Ok, so this isn’t strictly an article on history as such. Rather, I’d view it as a description of the supposed problems facing history undergraduates as they come to the end of their university careers. I thought it might be useful to look at the prospects for historians in the dog-eat-dog world of careers that exists outside the Durham Bubble.
So, where do you start? There are very few instant jobs to go into when graduating as an historian, so a degree of lateral thinking is required. The obvious decision is, of course, to do a History M.A. You stay in Durham for another year, probably see familiar faces and sights and generally have another good, albeit more taxing, year at university. Quite an attractive proposition one might think. Indeed, it has been shown by some statisticians that doing an M.A. can increase your potential employability, with rates ranging from a four to a ten percent rise.
But let’s face it – unless you plan to become the next Howell Harris or Adrian Green (positions we all of course aspire to), there are a number of powerful arguments against such a pursuit. You’re spending yet more money on a subject which, in all likelihood, you’re not going to follow as a career. The tuition fees alone for a taught History M.A. cost £4,530 for UK/EU students in the 2010/11 academic year; this will no doubt increase further next time round, and does not include the cost of living in a house or in college for a year. The cherry on the top of this is that the Student Loans Company won’t fund you unless you’re doing a PGCE or have very exceptional circumstances; even then, the options are somewhat limited. You are, in effect, putting off the crunch decisions for another year, in the hope of a more amenable general economic climate, particularly in the job market. This not necessarily a bad thing – but is it really worth spending over £5,000 to do this?
The more attractive option, if you’re keen to wait a while, is to take a Gap Year. This would give you time to undertake work experience, feel around the job market to see what you really want to do and generally to take a break from work. No bad thing! But unless you’re going to make full use of a Gap Year, then the exercise will be rather pointless. No company is going to take someone on who wasted their time getting drunk at home. Furthermore, taking a break at such a crucial point in your working life could potentially put you at a disadvantage with regard to job applications. Without the drive to constantly improve and continue to work that one associates with continuing education at school and university, you could end up losing crucial momentum in your career; this would seriously disadvantage you in the ever-tightening job market, where “drive” and “dynamism” are key attributes of any graduate. Likewise, an increasing number of people took their Gap Year before university (7.3 per cent of us in 2008); two years off might therefore be seen as something of a waste of time.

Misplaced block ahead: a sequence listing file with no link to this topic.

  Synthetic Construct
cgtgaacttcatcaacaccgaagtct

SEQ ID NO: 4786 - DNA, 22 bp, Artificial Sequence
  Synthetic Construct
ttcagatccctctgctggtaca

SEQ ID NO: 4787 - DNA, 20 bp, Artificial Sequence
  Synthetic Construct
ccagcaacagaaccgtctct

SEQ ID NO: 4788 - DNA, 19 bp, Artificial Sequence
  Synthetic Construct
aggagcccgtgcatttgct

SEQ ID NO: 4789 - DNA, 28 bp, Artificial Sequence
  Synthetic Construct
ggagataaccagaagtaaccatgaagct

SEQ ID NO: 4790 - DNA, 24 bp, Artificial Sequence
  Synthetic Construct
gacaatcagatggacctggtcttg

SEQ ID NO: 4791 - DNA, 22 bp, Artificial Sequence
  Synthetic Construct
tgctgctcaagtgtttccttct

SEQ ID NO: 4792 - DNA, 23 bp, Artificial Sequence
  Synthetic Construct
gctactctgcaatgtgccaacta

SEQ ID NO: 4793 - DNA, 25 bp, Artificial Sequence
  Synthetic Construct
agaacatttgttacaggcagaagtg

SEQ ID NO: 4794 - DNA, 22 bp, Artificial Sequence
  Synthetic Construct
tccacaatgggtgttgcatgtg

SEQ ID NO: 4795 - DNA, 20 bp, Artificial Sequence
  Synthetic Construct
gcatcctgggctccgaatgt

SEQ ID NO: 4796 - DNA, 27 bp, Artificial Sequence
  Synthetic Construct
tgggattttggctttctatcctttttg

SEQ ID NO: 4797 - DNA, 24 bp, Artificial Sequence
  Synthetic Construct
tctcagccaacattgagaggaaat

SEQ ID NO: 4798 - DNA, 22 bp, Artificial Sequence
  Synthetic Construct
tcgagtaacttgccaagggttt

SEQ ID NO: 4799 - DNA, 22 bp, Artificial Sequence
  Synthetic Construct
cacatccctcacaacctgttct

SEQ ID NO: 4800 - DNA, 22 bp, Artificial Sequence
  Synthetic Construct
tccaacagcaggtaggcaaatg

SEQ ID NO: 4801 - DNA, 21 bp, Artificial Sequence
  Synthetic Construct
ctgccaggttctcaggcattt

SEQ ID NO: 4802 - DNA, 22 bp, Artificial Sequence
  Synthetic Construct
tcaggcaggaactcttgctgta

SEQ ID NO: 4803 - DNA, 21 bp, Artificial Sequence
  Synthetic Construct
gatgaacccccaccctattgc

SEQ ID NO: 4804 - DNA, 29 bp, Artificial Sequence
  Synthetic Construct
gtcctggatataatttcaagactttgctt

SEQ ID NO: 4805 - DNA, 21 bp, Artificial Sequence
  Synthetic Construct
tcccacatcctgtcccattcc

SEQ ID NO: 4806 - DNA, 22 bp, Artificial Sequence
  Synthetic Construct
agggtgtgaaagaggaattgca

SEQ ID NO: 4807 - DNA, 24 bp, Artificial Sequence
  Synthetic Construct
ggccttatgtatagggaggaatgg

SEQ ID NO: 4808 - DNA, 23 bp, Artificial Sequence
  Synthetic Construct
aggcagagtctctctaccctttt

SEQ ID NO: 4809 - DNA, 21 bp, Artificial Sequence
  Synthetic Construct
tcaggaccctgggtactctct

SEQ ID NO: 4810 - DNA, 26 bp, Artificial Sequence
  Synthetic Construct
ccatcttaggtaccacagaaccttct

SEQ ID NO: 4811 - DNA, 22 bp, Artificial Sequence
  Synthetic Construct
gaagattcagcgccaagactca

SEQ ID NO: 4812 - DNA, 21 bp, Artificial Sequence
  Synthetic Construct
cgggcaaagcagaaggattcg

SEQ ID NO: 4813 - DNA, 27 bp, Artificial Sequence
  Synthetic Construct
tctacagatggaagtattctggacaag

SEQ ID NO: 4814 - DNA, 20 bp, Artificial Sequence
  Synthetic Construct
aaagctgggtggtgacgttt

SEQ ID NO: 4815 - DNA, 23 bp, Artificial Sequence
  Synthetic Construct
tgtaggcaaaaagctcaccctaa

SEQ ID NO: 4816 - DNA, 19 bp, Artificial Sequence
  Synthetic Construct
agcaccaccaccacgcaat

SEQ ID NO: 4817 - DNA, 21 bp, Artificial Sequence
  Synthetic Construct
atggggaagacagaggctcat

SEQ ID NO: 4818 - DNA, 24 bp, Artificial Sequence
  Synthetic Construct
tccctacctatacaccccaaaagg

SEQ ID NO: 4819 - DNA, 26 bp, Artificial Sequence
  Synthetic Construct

Another option is to go in an altogether different direction – into Law. There is a massive market for the Graduate Diploma in Law (the year-long qualification that non-Law graduates need to become a lawyer), with a host of different providers, from Northumbria University to the College of Law. The trouble is this is even more expensive than doing an M.A. The College of Law charges £8,390 for the privilege of doing the course in London and fees don’t dip below £5,000 in the rest of the country. In addition, you have to fund £11,800 to do the subsequent Solicitor’s Legal Practice Course or £14,670 to do the Bar Practice Course. Law is also the third most popular degree choice in the UK, making the degree of competition even more intense.
The other oft-heard of option for a Durham historian is the City, with the associated high rates of pay, terrible hours and lingering macho culture. Not a choice for the faint hearted then. Rates of application and job vacancies are still quite high but there is no doubt about the reality today; gone are the days when you could ask why HSBC should be offering YOU the job, not why you were the best person for the position. In the post-recession job culture, if you don’t have an internship under your belt, it’s unlikely that you’ll make the grade.
Yet is this really reason to despair? The levels of competition are higher, true. The number of jobs available is somewhat less than before. But people are still retiring, dying and changing jobs – in effect, there will always be a need for graduates, especially ones with the transferable skills learnt from studying history – analytical skills, hard work and a capability to work under pressure. The job market is also much broader than the stereotypes at Durham make out. What about publishing? What about the manufacturing industries? What about accountancy? What about the Civil Service? One former Durham economic historian, Sir Richard Dannatt, even ended up as head of the British Army.
In reality, there is a lot of rumour and a lot of propaganda about graduate prospects in this day and age; a product of media hype and government hysteria, that has without doubt unnerved a significant proportion of the current history undergraduate community. Durham historians are, perhaps, more prone to despair than our brothers and sisters in the science community, given the lack of an obvious job and the prospective months of unemployment and frantic job searching. But there truly is no reason to panic, no reason to despair. Providing you’re willing to stand up and actively work for your future, you have a much stronger chance than many others of securing your future. Failing that, you could always give it all up and become a hermit. I leave the choice to you.